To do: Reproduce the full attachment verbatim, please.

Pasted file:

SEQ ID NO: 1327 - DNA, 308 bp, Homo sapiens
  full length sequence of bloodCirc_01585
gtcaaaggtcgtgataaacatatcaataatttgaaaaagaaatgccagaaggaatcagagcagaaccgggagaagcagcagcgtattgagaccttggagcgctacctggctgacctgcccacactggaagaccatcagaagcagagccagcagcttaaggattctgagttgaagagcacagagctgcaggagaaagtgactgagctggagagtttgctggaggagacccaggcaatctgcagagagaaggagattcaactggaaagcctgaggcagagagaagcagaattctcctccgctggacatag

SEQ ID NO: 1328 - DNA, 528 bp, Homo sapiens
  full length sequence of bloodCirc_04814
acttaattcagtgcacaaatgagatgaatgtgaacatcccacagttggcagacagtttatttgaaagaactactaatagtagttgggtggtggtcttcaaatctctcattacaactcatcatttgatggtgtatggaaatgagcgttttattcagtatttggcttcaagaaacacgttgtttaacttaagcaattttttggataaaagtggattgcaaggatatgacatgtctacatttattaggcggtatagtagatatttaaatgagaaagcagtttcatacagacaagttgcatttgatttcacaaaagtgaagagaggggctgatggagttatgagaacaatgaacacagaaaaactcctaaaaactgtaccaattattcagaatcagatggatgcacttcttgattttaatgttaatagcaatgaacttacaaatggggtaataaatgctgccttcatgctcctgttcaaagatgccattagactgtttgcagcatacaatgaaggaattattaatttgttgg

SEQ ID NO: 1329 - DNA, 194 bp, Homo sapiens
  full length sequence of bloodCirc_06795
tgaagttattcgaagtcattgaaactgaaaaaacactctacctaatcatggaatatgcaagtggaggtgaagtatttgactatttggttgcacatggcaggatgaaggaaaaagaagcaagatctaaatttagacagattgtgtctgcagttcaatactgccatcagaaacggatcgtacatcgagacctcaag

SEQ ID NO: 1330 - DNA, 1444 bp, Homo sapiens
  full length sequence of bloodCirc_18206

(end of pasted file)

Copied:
SEQ ID NO: 1327 - DNA, 308 bp, Homo sapiens
  full length sequence of bloodCirc_01585
gtcaaaggtcgtgataaacatatcaataatttgaaaaagaaatgccagaaggaatcagagcagaaccgggagaagcagcagcgtattgagaccttggagcgctacctggctgacctgcccacactggaagaccatcagaagcagagccagcagcttaaggattctgagttgaagagcacagagctgcaggagaaagtgactgagctggagagtttgctggaggagacccaggcaatctgcagagagaaggagattcaactggaaagcctgaggcagagagaagcagaattctcctccgctggacatag

SEQ ID NO: 1328 - DNA, 528 bp, Homo sapiens
  full length sequence of bloodCirc_04814
acttaattcagtgcacaaatgagatgaatgtgaacatcccacagttggcagacagtttatttgaaagaactactaatagtagttgggtggtggtcttcaaatctctcattacaactcatcatttgatggtgtatggaaatgagcgttttattcagtatttggcttcaagaaacacgttgtttaacttaagcaattttttggataaaagtggattgcaaggatatgacatgtctacatttattaggcggtatagtagatatttaaatgagaaagcagtttcatacagacaagttgcatttgatttcacaaaagtgaagagaggggctgatggagttatgagaacaatgaacacagaaaaactcctaaaaactgtaccaattattcagaatcagatggatgcacttcttgattttaatgttaatagcaatgaacttacaaatggggtaataaatgctgccttcatgctcctgttcaaagatgccattagactgtttgcagcatacaatgaaggaattattaatttgttgg

SEQ ID NO: 1329 - DNA, 194 bp, Homo sapiens
  full length sequence of bloodCirc_06795
tgaagttattcgaagtcattgaaactgaaaaaacactctacctaatcatggaatatgcaagtggaggtgaagtatttgactatttggttgcacatggcaggatgaaggaaaaagaagcaagatctaaatttagacagattgtgtctgcagttcaatactgccatcagaaacggatcgtacatcgagacctcaag

SEQ ID NO: 1330 - DNA, 1444 bp, Homo sapiens
  full length sequence of bloodCirc_18206